Local students honour Indigenous peoples at Truth and Reconciliation and Orange Shirt Day events

Students and Withrow Avenue Junior Public School and Quest Alternative School on Bain Avenue took part in ceremonies Friday during the National Day of Truth and Reconciliation and Orange Shirt Day. Photo: Alan Shackleton.

AMARACHI AMADIKE, Local Journalism Initiative Reporter

Today is the National Day of Truth and Reconciliation. To commemorate this day, the Toronto District School Board paid tribute to the First Nations, Métis and Inuit families and communities who lost loved ones as a result of Canada’s residential school system.

The Friday, Sept. 30, event, which occurred at Withrow Avenue Junior Public School continued a national movement towards reconciliation with Canada’s Indigenous peoples.

“We can’t achieve reconciliation without first recognizing our land, and the land in which our school sits,” said Beverly O’Brien, Principal of Withrow Avenue Junior Public School and the adjoined Quest Alternative Senior Public School.

After a moment of silence in which students were encouraged to reflect on the residential school survivors, their families and those who were murdered at the schools, they then proceeded to honour the traditional keepers of the land through land acknowledgment rituals. Students transformed special objects of their choice into art and placed them in a circle, signifying the promise they’ve made to be stewards of the land and an acknowledgement that we are hosted on the lands of the Indigenous peoples.

“We also recognize the enduring presence of First Nations, Métis, and Inuit peoples,” they said as they collectively made the land acknowledgement.

O’Brien said that over the last few years “Withrow and Quest have been on a journey to learn more about Indigenous ways of knowing”.

“We acknowledge that there’s much to learn and continue to do so together,” said O’Brien. “We are grateful to everyone for gathering at our school for the National Day of Truth and Reconciliation and Orange Shirt Day.”

Students in the Grade 2 and 3 French Immersion class of Monsieur Steve at Withrow Park Junior Public School took part in the commemoration of the National Day of Truth and Reconciliation and Orange Shirt Day on Friday, Sept. 30. Photo: Alan Shackleton.

Students in attendance sported bright orange attire, an ode to residential school survivor Phyllis Webstad. The reason for the colour choice was explained to them by relating Webstad’s experience in a residential school.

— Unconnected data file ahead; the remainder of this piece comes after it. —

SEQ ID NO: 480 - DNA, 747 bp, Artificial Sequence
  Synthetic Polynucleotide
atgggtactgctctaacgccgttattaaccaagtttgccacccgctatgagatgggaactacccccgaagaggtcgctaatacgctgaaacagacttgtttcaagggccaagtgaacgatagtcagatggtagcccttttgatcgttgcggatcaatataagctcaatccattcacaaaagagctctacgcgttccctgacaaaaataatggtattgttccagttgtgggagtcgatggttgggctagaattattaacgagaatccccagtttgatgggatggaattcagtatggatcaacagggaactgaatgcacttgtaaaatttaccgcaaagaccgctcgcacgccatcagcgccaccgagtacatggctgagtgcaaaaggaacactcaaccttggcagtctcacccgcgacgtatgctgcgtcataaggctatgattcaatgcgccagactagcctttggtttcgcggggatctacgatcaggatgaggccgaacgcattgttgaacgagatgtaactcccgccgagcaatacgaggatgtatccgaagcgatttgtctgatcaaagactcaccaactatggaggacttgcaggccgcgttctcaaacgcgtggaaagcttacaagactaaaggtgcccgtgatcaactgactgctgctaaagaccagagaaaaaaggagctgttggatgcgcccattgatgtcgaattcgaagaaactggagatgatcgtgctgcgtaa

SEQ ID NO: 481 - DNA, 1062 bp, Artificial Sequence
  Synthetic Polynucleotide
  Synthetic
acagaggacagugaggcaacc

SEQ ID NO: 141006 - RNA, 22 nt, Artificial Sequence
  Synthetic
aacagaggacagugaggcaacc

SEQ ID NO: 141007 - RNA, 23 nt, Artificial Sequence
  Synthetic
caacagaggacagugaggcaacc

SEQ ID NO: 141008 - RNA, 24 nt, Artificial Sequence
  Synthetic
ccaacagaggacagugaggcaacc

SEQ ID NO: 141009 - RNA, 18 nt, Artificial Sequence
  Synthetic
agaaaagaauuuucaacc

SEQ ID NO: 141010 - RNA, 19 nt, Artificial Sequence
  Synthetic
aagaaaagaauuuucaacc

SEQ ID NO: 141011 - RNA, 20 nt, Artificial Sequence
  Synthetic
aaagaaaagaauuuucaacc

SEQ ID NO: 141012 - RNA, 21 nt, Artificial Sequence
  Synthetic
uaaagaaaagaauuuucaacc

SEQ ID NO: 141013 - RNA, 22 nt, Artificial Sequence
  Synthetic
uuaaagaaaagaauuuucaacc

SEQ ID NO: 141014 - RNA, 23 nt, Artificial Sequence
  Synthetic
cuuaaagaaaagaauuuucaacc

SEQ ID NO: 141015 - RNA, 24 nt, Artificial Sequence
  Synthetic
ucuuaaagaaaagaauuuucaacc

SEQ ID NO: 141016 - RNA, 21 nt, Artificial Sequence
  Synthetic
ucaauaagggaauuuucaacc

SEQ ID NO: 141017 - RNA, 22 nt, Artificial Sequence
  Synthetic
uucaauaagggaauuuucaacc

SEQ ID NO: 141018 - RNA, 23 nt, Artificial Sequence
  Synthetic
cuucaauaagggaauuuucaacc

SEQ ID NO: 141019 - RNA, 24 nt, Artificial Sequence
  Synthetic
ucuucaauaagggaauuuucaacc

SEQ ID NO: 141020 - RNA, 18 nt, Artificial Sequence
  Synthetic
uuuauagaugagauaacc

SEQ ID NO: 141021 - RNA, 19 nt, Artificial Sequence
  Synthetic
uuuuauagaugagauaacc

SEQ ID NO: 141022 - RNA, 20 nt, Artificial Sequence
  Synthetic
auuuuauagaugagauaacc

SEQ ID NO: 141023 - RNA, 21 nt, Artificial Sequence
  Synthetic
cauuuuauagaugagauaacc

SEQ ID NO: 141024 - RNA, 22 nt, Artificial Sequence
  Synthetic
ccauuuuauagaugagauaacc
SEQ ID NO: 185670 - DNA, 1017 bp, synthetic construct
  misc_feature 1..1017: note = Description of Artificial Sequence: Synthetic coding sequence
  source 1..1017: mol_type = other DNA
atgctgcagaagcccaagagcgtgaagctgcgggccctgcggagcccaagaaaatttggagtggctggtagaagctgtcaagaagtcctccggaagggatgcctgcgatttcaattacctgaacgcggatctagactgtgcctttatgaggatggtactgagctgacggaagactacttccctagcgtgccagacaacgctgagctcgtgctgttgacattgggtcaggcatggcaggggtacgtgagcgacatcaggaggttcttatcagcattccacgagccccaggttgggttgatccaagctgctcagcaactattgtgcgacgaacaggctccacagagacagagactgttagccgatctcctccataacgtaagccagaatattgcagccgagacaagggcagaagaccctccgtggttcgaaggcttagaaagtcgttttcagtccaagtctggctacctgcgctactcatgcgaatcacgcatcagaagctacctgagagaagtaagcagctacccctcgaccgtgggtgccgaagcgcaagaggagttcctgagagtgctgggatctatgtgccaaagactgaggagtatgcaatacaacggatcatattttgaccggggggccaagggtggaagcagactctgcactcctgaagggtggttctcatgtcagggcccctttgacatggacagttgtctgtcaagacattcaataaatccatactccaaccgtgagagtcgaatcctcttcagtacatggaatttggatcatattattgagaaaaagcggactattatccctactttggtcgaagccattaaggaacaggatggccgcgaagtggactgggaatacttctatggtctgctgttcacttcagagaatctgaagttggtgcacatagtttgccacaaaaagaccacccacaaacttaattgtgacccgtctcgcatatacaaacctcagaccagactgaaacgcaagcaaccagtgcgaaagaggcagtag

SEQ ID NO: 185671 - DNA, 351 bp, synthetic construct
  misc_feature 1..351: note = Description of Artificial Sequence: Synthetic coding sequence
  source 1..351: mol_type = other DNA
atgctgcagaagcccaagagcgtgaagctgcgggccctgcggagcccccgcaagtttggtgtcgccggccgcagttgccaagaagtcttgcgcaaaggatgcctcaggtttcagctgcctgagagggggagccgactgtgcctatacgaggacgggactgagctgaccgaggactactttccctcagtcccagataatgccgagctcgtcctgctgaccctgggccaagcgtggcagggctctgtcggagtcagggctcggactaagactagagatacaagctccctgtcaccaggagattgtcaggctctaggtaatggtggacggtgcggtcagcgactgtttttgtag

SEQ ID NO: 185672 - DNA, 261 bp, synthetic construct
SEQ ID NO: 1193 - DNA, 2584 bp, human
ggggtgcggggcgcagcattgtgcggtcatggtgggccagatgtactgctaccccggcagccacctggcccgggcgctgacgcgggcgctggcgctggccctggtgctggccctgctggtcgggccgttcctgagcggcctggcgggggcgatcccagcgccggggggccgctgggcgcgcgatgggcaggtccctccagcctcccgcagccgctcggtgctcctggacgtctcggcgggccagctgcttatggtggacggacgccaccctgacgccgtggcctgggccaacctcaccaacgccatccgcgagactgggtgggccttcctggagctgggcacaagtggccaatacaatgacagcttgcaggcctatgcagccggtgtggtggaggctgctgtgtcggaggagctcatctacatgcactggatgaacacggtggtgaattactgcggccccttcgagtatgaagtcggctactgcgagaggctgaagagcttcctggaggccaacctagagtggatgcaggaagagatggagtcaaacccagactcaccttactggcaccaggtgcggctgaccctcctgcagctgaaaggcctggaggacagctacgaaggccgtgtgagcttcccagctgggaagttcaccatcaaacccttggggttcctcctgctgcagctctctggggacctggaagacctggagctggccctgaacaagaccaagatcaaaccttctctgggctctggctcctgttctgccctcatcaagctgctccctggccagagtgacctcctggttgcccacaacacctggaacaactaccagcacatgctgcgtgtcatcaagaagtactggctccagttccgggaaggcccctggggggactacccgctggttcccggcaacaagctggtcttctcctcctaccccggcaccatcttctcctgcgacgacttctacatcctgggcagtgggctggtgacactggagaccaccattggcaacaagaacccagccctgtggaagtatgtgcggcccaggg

In 1973, when Webstad was six years old she went to a church-run residential school in Williams Lake, B.C. Her grandmother had gifted her a new orange shirt for her first day of school which she proudly wore. Upon arriving at the school, much to her surprise, the orange shirt was confiscated and her hair was cut.

“This made Phyllis feel that no one cared for her and that her feelings didn’t matter,” explained the student. “Phyllis’ orange shirt is a symbol of so many losses experienced by children who were sent to residential schools.”

The student’s were engaged creating their art tributes in the circle, and many showed a clear comprehension of the day’s purpose.

“I think that the importance of this event is that we are recognizing what happened and we are trying to take steps forward to ensure that the horrors of the residential schools never happen again,” said Noelle Koffman, a student at Quest.

Koffman said that in order for this reality to be faced, the public must continue to talk about the past and learn about the original owners of the land who “terrible things” were inflicted upon.

Following the tribute, the arranged objects remained in position as an outdoor gallery for the remainder of the day. Students then proceeded to their respective classes where education about Canada’s Indigenous peoples and the legacy of Orange Shirt Day continued.

Amarachi Amadike is a Local Journalism Initiative Reporter for Beach Metro Community News. His reporting is funded by the Government of Canada through its Local Journalism Initiative.


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